This is person X
Tick off all the conclusions that you would happily agree with
[ ] their favourite colour is orange
[ ] their favourite tv show is Lost
[ ] they dislike red wine
[ ] they have a serious nut allergy
[ ] they blood type is B rh-
[ ] they are a natural brunette
[ ] they're a fan of horror films
[ ] they had a pizza last friday
[ ] they have artistic flair
[ ] they dislike the sound made by filing nails
[ ] they have mild myopia
[ ] they've read Tolkien's LOTR trilogy
[ ] they know the offside rule
[ ] they are attracted to men
How many did you tick? Any at all? Would you stand by them on pain of death?
During the Pride Awareness Week last week, I was fortunate enough to be one of the few people who attended the discussion given by Kath Lambert on the topic of "Sexism and Homophobia". My summary, as best as I can remember it…
The main focus was on the 'missing link' between to two prejudices. Or in other words how an anti-female and anti-homosexual bias arises from an underlying pro-heterosexual prejudice. Heterosexuality is seen as the normal state of being, everything else is seen as deviant and, crucially, as wrong. When the truth is that it's just different, and no more pertainant to how an individual should be treated than their skin colour or eye colour.
In all truth heterosexuality is one of society's biggest memes. Think about it. I wouldn't go so far as to describe it as a cultural virus, but simply through repetition it becomes the accepted norm rather than something that should be questioned and interpreted on ones own personal grounds just as with so many other things. For something that plays such a huge role in your life it's surprising how sexuality is, on the whole, ignored by the masses.
The rights of the individual to express their own personal taste is played on by every branch of modern media and society. From perfumes to music videos, from the colour of the nappies you are potty-trained in the emphasis is on a heterosexual way of life. Why? Because that is what's seen as normal. Imagine the uproar if the girl in the "fruity yoplait" advert kissed another girl, yet kissing a boy is viewed a cute. Since when do small children feel attraction to anyone regardless of sex? The rules of attraction are already laid out for them before they even know what it is and woe betide those "perverse" individuals that don't adhere to society's self-fulfilling prophesy
When it comes to ethnic origin the 2001 UK National Census gave the options of White British/White Irish/Other White/Mixed/Indian/Pakistani/Bangladeshi/Other Asian/Black Caribbean/Black African/Other Black/Chinese/Other Ethnic Group. These are people living in England yet the freedom is there to express not "who you are because of your geographical location" but "who you feel you are and who you identify with".
I am white with blonde hair and blue eyes. I was born in Islington and raised in Hounslow and then near Staines. I've lived in the UK all my life, been through the British schooling system, Am currently attending a British University and yet would never tick the "White British" box. My mother is Spanish, as are the majority of my living relatives and that's a huge part of how I identify myself. I'm not willing to discard it just so I can fit into the box they provide.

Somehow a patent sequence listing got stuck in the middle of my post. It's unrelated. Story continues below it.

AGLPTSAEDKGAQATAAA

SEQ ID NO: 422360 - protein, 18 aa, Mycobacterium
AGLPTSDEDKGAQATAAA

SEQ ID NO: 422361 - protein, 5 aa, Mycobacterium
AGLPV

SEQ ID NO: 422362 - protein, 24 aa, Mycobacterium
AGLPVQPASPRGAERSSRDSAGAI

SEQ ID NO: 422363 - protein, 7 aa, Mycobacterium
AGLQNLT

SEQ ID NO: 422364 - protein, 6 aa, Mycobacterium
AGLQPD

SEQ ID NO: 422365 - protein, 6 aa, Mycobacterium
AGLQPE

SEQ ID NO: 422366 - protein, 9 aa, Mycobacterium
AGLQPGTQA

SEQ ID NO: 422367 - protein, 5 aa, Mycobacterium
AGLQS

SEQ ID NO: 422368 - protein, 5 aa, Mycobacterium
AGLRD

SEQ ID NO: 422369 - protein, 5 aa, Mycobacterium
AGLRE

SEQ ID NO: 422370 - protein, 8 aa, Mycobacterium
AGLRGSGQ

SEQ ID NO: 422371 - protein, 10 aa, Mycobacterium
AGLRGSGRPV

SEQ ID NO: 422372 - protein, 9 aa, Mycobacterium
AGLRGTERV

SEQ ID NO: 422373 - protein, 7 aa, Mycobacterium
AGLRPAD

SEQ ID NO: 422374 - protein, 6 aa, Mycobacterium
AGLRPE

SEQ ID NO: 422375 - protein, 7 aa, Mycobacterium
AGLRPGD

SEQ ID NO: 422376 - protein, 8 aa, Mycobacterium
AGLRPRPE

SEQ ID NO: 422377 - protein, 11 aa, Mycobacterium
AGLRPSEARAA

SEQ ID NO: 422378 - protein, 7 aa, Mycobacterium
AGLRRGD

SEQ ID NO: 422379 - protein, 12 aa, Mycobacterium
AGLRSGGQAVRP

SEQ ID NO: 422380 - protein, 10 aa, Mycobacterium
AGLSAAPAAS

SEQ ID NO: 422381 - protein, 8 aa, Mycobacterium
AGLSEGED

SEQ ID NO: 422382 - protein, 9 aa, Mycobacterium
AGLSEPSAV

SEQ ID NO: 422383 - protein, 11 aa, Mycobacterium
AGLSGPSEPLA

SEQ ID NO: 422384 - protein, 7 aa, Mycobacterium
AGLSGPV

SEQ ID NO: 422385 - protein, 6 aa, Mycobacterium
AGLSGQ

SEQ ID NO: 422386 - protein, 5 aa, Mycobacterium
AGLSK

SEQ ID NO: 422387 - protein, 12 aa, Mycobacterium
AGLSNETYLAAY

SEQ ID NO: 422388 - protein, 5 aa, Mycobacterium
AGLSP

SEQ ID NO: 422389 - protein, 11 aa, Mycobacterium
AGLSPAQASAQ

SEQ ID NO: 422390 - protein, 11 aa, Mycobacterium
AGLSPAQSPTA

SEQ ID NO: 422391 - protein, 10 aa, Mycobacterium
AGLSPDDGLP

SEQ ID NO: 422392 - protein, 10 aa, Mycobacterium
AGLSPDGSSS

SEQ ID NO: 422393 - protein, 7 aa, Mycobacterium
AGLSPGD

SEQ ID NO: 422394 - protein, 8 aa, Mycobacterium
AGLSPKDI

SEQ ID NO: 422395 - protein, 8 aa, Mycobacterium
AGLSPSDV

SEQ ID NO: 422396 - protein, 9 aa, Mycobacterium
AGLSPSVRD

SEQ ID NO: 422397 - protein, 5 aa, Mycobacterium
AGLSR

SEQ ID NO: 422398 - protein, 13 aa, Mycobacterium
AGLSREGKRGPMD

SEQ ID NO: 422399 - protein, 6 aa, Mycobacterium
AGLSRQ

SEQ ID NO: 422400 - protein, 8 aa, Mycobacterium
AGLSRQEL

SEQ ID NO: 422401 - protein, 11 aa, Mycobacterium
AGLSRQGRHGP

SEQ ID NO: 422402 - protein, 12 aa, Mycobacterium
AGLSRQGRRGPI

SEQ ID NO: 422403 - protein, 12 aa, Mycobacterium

But when it comes to the designated standards "male attracted to females" and "female attracted to males" there is this reluctance to even consider the possibility of an "Other" category even though sexuality is no more phenotypically apparant than your favourite breakfast cereal.
The assumption that heterosexuality is the norm and should therefore be priviledged and promoted in society.
But what does it mean? Sexism and homophobia are active prejudices. They essentially state that:
- men must act in a manner appropriate to men and women in one appropriate to women; This sets up the bias of "men only" and "women only" behavioural patterns, careers, fashion, music, etcetera.
- Men are attracted to women and women to men all other combinations are therefore inherantly wrong.
Heterosexism combines the two, yet is somewhat passive. Everyone is heterosexist at some point or another, It's not easy to spot and it's not something you tend to think about. Someone shared how they always ask their youger cousin(male) if they have a girlfriend, even though they themselves are gay. A friend of mine recently explained how things were getting tricky because his best mates girlfriend had fallen for him; I asumed the best mate was male – as it turns out she wasn't… this is also known more specifically as heterocentrism.
Maybe a better way to define woulf be on a scale rather than just the two extremes. Some would argue that the same should apply to gender. But Apart from TFS males and those with similar genetic/developmental issues I think that phenotypical gender is on the whole quite descrete; what does change is what gender we identify with the most, however this itself brings with it heterosexist beliefs as identifying with a gender requires you to first define that gender.
Think about it though? where would you define yourself if given the freedom to stray from the set boundaries and to tick outside the box. It's so ingrained I doubt many people even think of it past the "well I'm not gay" knee-jerk reaction. I am intrigued. If people could leave their "time" (eg 4:30) and gender as anonymous comments It would be interesting to see the results
"Heterosexuality is not normal, it's just common" – Derek Jamon
I'm only a biochemist so there's probably a lot of basic stuff that I've missed out or got wrong, that would appear in sociology and psychology degrees. Enlighten the world via the comments section.
Results so far…
Updated 09 Nov 2005, 03:55pm